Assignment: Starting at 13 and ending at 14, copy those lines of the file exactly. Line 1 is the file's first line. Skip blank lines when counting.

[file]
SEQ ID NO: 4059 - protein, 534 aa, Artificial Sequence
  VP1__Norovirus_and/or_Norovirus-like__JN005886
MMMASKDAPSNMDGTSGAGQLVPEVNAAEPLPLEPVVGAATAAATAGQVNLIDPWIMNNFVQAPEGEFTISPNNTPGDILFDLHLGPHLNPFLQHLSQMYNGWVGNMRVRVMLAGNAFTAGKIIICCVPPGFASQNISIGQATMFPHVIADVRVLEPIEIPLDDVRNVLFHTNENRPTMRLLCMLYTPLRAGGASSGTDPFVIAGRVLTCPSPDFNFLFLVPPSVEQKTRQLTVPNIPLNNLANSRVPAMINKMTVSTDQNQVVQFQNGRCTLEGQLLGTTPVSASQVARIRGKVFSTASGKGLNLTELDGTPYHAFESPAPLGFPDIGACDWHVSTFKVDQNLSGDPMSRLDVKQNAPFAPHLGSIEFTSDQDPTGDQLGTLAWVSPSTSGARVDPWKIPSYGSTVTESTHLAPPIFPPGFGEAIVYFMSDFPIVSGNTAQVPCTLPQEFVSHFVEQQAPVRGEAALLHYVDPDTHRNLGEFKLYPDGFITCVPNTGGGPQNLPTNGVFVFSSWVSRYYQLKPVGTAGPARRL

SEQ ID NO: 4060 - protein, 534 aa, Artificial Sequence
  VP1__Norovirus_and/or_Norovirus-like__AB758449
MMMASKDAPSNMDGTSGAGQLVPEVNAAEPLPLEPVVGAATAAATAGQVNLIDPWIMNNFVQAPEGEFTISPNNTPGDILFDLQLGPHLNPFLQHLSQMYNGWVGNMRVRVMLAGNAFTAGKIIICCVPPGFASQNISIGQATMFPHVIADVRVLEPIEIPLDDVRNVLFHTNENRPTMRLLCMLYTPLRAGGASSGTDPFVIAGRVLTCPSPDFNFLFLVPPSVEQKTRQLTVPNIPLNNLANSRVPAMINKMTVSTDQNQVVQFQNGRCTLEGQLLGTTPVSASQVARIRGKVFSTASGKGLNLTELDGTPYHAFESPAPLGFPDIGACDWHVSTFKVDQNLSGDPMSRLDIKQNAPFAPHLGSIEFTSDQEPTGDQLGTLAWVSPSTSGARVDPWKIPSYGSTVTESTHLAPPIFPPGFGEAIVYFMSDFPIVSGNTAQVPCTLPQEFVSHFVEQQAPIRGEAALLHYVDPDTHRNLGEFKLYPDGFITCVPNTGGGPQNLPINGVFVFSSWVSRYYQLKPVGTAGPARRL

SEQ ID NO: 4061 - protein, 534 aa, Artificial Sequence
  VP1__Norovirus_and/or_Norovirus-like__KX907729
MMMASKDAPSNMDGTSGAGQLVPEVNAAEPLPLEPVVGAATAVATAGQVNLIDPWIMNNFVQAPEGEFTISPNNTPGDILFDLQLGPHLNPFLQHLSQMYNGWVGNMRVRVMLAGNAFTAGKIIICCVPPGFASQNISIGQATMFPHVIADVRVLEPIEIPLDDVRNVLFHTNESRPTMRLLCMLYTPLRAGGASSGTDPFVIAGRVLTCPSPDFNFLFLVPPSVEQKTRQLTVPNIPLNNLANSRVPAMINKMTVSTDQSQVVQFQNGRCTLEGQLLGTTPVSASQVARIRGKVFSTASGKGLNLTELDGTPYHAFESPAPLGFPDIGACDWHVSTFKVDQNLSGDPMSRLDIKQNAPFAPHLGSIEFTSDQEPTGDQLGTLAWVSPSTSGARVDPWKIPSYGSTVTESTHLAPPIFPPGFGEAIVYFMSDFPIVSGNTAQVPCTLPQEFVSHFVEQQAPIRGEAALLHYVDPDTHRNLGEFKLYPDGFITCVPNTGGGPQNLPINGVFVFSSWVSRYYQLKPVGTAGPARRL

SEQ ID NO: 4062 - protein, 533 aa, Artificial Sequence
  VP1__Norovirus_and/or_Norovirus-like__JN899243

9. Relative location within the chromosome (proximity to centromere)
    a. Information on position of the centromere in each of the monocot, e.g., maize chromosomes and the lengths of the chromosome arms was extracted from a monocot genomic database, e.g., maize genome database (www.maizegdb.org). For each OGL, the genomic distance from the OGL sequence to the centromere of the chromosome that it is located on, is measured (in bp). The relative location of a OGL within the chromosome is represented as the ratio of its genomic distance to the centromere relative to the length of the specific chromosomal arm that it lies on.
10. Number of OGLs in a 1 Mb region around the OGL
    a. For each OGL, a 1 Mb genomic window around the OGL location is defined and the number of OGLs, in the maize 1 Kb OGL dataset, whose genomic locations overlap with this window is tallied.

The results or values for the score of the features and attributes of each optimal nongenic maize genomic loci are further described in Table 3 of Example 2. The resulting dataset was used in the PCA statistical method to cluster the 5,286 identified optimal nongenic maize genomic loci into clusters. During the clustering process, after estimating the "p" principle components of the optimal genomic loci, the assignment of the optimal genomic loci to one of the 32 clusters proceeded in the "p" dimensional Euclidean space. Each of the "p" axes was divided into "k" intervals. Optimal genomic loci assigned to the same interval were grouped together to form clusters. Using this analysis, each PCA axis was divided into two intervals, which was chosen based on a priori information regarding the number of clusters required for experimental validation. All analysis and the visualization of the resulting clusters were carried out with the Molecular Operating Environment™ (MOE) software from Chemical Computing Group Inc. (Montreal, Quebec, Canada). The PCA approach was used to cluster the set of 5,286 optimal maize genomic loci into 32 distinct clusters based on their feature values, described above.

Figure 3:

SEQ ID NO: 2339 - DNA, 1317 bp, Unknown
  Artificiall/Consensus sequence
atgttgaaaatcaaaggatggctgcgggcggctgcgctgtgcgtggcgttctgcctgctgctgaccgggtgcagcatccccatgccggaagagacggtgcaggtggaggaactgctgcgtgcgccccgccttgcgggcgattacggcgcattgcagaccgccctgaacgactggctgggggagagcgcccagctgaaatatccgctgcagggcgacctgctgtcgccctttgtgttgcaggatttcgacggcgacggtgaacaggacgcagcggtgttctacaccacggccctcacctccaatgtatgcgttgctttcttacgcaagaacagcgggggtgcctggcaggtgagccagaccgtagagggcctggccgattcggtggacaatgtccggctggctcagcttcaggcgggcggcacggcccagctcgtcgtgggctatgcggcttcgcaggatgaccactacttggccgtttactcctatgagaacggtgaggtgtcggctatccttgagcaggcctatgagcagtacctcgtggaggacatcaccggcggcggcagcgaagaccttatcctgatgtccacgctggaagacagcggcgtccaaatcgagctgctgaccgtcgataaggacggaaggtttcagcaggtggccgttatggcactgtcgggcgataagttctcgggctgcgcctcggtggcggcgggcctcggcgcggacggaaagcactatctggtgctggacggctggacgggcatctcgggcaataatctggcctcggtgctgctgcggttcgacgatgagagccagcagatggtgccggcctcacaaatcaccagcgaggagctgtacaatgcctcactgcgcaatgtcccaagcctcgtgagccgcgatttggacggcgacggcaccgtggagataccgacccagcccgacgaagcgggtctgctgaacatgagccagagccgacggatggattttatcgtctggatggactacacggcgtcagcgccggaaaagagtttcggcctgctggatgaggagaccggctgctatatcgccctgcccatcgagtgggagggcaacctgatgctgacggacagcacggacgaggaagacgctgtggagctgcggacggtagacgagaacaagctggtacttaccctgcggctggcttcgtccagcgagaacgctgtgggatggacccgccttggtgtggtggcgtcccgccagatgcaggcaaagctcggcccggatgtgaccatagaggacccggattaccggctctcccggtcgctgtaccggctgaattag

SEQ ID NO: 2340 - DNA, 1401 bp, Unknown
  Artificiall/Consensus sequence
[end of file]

    a. Information on position of the centromere in each of the monocot, e.g., maize chromosomes and the lengths of the chromosome arms was extracted from a monocot genomic database, e.g., maize genome database (www.maizegdb.org). For each OGL, the genomic distance from the OGL sequence to the centromere of the chromosome that it is located on, is measured (in bp). The relative location of a OGL within the chromosome is represented as the ratio of its genomic distance to the centromere relative to the length of the specific chromosomal arm that it lies on.
10. Number of OGLs in a 1 Mb region around the OGL